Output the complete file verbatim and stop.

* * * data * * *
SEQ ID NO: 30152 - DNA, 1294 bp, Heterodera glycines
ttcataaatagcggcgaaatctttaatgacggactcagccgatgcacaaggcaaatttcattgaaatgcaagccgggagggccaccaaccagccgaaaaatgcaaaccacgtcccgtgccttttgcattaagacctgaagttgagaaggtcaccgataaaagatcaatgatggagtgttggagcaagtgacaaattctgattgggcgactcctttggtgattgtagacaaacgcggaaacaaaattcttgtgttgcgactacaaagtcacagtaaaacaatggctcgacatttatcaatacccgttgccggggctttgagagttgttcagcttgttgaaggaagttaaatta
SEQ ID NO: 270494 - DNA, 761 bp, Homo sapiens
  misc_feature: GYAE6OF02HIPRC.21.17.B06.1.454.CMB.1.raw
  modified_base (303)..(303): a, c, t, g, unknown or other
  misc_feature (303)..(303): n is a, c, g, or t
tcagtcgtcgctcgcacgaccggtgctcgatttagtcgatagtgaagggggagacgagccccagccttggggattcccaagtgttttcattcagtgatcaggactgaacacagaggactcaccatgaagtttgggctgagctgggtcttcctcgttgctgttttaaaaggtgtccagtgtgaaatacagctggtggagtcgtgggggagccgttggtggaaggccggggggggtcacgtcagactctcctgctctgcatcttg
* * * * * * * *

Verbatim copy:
SEQ ID NO: 30152 - DNA, 1294 bp, Heterodera glycines
ttcataaatagcggcgaaatctttaatgacggactcagccgatgcacaaggcaaatttcattgaaatgcaagccgggagggccaccaaccagccgaaaaatgcaaaccacgtcccgtgccttttgcattaagacctgaagttgagaaggtcaccgataaaagatcaatgatggagtgttggagcaagtgacaaattctgattgggcgactcctttggtgattgtagacaaacgcggaaacaaaattcttgtgttgcgactacaaagtcacagtaaaacaatggctcgacatttatcaatacccgttgccggggctttgagagttgttcagcttgttgaaggaagttaaatta
SEQ ID NO: 270494 - DNA, 761 bp, Homo sapiens
  misc_feature: GYAE6OF02HIPRC.21.17.B06.1.454.CMB.1.raw
  modified_base (303)..(303): a, c, t, g, unknown or other
  misc_feature (303)..(303): n is a, c, g, or t
tcagtcgtcgctcgcacgaccggtgctcgatttagtcgatagtgaagggggagacgagccccagccttggggattcccaagtgttttcattcagtgatcaggactgaacacagaggactcaccatgaagtttgggctgagctgggtcttcctcgttgctgttttaaaaggtgtccagtgtgaaatacagctggtggagtcgtgggggagccgttggtggaaggccggggggggtcacgtcagactctcctgctctgcatcttg